The 2009 U.S. Open is underway at the Billie Jean King National Tennis Center in Flushing Meadows. While the annual event brings millions of tourist dollars and worldwide attention to Queens, there must be understandable concern on the part of the United States Tennis Association over the lack of American players who can win the big trophies.
USTA executives certainly realize that the rights fees that they are able to generate from their various broadcast partners, CBS, ESPN and the Tennis Channel, are dependent on TV ratings. While there may be a few foreign players, such as 15-time Grand Slam event winner Roger Federer and his chief nemesis, Rafael Nadal, who transcend nationality and bring in huge ratings, there is little doubt many Americans want to see one of their own bring home the hardware or they simply won’t watch. If you need any evidence of this, just check out the paltry Nielsen ratings for Major League Soccer or for the New York City Marathon where an American hasn’t won since 1982.
On the women’s side, most of us would be hard-pressed to name an American player whose last name is not Williams. On the men’s, there are a few Americans who may throw a scare into either Federer or Nadal. Andy Roddick, the last American male to win a Grand Slam event, the 2003 U.S. Open, made Federer work deep into overtime at Wimbledon this past June and became a folk hero in his valiant defeat. Even curmudgeonly David Letterman wished him luck in regaining the Open title.
The up and coming American player who has generated the most buzz recently is Sam Querrey. It’ll be interesting to see if Querrey can successfully challenge the big boys at the Open or if he’s destined to be another glorified journeyman a la the overrated James Blake.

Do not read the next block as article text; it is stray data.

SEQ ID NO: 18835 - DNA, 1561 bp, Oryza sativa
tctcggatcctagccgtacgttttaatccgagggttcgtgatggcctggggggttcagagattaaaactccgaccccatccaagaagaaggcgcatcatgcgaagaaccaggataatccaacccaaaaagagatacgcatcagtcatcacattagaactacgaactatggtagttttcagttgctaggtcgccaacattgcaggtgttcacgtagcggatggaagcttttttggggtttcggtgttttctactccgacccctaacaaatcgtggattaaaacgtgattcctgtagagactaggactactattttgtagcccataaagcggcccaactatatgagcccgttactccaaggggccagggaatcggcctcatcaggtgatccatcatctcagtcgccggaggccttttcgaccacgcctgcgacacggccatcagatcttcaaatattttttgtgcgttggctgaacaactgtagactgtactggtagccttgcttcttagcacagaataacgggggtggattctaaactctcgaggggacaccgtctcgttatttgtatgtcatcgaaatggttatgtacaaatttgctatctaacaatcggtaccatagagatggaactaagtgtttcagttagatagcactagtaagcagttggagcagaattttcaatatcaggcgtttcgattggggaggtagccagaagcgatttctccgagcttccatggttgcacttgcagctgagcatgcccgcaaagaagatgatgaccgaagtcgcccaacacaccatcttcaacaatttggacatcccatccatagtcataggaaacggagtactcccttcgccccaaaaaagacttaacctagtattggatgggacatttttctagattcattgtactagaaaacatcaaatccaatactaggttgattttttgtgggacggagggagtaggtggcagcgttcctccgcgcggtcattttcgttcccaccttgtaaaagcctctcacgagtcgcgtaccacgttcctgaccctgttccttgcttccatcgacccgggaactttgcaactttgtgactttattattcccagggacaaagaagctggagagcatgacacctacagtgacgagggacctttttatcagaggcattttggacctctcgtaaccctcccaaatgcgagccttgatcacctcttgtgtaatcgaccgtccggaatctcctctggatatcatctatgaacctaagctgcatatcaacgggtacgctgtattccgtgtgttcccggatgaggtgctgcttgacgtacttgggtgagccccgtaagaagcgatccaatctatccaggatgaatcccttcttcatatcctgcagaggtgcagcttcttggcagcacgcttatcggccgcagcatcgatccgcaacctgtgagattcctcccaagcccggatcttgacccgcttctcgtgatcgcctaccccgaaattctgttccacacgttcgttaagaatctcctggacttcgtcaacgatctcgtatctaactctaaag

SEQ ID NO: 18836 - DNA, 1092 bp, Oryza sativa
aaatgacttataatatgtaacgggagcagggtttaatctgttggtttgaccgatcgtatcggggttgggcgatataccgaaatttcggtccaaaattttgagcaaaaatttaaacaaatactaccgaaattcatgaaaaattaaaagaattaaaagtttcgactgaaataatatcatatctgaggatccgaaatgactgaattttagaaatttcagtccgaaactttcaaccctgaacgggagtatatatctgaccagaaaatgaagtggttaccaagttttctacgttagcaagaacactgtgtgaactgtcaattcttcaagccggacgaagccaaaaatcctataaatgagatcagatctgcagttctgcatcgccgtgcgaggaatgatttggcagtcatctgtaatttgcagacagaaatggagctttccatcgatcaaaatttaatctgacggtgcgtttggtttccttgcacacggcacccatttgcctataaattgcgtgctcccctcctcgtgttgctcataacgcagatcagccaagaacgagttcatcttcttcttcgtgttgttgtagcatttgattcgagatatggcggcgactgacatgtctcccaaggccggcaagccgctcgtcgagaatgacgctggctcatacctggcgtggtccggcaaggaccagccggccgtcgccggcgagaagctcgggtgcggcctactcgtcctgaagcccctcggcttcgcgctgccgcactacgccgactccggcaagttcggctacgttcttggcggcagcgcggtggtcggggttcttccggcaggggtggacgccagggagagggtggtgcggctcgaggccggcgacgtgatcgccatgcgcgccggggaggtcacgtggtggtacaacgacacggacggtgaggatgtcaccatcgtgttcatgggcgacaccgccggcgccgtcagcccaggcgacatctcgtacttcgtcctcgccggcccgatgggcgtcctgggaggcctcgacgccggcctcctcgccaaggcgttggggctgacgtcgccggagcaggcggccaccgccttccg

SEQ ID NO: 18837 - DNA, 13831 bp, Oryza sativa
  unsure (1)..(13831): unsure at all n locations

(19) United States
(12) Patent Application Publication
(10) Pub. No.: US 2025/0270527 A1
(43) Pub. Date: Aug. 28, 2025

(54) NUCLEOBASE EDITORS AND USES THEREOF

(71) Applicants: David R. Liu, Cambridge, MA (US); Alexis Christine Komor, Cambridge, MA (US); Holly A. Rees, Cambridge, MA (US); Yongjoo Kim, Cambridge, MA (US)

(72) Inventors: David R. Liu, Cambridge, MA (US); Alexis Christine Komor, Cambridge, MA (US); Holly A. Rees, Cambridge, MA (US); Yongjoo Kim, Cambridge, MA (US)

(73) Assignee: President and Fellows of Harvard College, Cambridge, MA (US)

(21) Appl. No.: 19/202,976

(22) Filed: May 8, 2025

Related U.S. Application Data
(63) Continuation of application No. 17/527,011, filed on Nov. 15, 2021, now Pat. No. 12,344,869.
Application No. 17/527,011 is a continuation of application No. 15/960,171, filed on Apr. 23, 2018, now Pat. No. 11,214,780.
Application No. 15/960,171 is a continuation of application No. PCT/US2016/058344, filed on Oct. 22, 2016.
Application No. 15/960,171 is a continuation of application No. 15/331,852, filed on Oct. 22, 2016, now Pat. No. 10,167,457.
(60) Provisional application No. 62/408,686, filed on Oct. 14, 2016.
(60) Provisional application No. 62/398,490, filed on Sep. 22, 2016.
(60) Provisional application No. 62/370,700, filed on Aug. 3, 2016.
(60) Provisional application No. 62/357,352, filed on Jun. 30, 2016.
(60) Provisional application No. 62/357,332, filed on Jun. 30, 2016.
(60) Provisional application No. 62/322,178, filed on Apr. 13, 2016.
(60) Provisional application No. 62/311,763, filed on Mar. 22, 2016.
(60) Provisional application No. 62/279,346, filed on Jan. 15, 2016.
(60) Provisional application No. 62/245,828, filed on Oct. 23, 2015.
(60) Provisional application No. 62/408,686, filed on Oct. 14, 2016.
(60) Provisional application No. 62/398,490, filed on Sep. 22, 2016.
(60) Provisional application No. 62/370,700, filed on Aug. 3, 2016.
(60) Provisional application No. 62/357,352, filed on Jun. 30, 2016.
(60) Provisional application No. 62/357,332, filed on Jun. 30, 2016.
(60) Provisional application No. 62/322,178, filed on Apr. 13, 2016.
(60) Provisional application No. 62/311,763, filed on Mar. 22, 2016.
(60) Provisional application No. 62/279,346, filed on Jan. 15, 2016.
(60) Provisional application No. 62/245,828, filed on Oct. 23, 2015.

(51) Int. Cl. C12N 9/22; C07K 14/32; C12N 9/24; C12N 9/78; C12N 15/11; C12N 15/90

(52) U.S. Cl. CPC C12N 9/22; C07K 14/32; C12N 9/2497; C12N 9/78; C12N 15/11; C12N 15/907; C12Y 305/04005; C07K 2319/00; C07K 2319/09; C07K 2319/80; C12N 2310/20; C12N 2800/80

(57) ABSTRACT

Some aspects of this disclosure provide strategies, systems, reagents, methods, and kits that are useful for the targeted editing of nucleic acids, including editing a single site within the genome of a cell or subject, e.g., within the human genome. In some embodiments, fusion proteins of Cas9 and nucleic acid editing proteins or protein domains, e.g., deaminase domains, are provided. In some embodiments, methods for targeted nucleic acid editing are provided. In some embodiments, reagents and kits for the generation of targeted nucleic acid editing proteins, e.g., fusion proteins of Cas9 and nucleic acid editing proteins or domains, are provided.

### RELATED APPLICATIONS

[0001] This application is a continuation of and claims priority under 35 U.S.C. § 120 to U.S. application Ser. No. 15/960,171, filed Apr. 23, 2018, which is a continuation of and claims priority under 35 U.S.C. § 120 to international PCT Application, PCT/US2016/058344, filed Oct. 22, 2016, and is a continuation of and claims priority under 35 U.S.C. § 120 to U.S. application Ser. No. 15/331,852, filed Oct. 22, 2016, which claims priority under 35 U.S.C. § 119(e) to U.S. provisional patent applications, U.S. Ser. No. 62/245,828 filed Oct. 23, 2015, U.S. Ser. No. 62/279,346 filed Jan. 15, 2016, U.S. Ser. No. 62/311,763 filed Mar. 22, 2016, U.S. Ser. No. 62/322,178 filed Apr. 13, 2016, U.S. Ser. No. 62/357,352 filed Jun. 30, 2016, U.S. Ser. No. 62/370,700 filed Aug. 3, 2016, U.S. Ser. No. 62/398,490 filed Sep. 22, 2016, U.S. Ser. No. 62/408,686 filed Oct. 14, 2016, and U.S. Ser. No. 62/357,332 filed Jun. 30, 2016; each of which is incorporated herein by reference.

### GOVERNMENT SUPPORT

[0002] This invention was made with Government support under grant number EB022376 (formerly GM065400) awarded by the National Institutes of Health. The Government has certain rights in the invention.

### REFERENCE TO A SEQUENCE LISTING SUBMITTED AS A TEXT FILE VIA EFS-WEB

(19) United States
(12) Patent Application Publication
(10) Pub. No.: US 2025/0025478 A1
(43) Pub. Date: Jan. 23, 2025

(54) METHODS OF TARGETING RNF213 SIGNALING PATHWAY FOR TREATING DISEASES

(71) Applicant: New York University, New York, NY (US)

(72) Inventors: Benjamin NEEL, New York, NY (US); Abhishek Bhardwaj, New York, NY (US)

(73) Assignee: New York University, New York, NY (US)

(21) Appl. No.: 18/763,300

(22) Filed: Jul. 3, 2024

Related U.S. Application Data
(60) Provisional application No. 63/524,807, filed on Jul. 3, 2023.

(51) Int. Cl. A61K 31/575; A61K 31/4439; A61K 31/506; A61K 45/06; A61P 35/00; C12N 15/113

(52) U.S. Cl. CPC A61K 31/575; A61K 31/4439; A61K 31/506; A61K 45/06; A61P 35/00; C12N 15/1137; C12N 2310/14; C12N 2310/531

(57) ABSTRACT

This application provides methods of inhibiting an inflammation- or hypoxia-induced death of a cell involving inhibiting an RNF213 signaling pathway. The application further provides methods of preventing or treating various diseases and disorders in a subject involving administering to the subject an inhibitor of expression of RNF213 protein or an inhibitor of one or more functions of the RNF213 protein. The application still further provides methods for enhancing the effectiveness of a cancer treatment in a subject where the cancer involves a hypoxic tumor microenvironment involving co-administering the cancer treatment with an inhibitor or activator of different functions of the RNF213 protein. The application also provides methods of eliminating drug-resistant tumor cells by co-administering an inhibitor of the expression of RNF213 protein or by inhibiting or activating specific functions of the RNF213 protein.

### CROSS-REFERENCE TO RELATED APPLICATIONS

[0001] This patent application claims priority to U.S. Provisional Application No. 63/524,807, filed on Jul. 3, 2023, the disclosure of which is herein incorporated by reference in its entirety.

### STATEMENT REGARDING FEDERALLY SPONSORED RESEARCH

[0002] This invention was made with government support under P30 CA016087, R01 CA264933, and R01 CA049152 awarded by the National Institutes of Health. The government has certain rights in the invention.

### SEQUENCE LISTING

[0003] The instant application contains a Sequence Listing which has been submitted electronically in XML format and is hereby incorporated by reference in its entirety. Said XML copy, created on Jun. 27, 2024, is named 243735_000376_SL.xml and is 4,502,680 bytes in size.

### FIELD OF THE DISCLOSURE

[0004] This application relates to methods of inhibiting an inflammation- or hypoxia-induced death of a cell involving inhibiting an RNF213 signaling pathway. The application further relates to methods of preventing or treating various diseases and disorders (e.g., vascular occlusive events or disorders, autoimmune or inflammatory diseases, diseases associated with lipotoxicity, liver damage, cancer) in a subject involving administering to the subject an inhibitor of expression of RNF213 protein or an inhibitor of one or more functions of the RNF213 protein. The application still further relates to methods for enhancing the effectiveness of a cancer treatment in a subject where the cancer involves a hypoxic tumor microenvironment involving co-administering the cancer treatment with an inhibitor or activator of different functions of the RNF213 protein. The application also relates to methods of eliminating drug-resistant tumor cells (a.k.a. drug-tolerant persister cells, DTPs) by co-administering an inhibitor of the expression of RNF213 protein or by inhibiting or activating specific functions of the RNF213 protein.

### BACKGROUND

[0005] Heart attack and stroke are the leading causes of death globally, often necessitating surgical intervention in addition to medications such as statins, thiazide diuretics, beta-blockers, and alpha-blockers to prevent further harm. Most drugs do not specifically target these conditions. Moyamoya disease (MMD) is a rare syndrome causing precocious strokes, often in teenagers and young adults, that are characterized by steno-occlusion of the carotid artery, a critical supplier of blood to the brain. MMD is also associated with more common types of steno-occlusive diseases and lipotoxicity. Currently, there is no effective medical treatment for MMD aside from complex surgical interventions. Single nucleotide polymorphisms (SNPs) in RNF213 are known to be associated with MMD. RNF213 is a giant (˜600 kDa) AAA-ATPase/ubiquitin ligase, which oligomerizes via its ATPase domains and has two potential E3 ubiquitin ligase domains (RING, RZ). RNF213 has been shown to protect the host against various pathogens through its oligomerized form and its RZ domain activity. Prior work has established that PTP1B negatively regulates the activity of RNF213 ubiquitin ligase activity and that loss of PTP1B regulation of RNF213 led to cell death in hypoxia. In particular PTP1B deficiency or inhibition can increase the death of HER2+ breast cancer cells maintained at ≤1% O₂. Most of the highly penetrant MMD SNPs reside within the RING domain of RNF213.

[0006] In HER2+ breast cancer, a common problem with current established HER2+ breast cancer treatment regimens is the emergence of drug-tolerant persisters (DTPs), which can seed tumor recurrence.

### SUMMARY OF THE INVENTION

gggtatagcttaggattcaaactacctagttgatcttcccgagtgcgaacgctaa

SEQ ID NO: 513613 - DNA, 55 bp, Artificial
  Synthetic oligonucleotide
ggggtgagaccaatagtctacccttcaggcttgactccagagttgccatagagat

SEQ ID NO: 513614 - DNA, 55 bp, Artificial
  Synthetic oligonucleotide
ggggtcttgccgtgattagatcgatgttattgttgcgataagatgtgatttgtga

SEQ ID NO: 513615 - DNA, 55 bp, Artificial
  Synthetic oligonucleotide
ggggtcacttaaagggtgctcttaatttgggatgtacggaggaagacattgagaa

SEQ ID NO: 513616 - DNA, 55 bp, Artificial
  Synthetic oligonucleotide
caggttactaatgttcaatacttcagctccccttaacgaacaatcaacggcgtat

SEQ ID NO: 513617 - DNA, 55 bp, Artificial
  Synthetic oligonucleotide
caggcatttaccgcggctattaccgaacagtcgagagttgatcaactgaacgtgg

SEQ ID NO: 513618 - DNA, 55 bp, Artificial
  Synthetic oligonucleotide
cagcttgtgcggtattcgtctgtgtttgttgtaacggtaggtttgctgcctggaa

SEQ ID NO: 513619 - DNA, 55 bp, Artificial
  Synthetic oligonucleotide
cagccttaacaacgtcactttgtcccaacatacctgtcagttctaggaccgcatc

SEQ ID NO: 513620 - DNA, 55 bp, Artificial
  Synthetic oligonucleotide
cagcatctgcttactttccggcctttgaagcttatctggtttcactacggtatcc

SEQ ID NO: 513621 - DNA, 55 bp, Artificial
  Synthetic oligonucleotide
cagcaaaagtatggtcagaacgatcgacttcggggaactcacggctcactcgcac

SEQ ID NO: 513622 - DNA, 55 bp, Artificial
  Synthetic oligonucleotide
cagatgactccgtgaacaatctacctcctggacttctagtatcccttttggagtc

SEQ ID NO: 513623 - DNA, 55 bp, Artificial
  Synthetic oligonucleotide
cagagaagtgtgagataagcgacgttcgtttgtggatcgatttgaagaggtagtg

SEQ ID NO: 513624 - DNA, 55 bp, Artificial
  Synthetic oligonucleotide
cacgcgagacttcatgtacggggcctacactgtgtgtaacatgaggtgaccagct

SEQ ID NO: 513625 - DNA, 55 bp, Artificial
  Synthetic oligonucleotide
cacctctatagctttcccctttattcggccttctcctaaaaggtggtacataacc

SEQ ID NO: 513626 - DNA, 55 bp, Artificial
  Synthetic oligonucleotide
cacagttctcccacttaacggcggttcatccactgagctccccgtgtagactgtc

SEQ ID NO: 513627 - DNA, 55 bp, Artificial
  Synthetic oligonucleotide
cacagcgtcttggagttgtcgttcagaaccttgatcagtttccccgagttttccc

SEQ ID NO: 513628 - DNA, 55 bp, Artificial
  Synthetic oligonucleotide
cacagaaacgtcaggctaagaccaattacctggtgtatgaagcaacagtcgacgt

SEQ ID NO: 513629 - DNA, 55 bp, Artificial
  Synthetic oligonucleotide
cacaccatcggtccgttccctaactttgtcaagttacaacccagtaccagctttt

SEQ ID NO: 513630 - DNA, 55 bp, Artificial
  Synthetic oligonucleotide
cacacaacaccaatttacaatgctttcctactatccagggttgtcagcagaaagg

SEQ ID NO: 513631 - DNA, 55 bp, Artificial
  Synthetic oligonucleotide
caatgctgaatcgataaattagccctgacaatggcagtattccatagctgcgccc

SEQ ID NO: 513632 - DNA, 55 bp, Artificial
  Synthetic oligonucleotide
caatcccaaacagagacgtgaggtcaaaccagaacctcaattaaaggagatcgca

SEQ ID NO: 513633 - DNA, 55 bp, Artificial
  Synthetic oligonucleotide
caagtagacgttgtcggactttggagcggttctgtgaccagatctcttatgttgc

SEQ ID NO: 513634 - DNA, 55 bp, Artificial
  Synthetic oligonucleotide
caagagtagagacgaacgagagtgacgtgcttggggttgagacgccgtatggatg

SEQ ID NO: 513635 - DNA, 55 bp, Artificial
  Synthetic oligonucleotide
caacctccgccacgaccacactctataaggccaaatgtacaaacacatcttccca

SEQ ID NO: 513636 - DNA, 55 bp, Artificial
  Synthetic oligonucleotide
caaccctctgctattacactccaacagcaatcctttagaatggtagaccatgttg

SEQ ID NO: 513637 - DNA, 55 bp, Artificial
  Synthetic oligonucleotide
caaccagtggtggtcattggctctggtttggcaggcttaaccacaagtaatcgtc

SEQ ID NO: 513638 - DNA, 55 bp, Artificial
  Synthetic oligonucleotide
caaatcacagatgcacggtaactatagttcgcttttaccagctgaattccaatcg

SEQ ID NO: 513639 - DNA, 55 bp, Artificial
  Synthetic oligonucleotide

Forest Hills native Ian Eagle will be spending a lot of time in Queens, broadcasting matches and doing studio work as well for CBS and the Tennis Channel for practically the entire tournament. The hardest-working man at the Open, for my money, is Marc Ernay who will be spending at least 14 hours a day calling matches for usopen.org and doing his regular sportscasts on 1010 WINS radio. Ernay is also a longtime adjunct professor of communications at St. John’s University.
Boys and girls from the Queens Community House were among those who took part in Citi Field Kids Day last Monday. Not only did they get to see a Mets matinee but they were given a tour of the ballpark and treated to baseball videos and motivational speeches from Mets bench coach Sandy Alomar and SNY sports anchor Michelle Yu.
The best lessons, though, may have come from the field that day. The kids quickly learned that even Major League players can look like Little Leaguers when in the first inning Phils second baseman Chase Utley dropped an easy pop-up and then threw the ball away down the left field line. The Mets’ Angel Pagan showed that you should never take anything for granted as he ran full speed around the bases and scored on what should have been an easy out.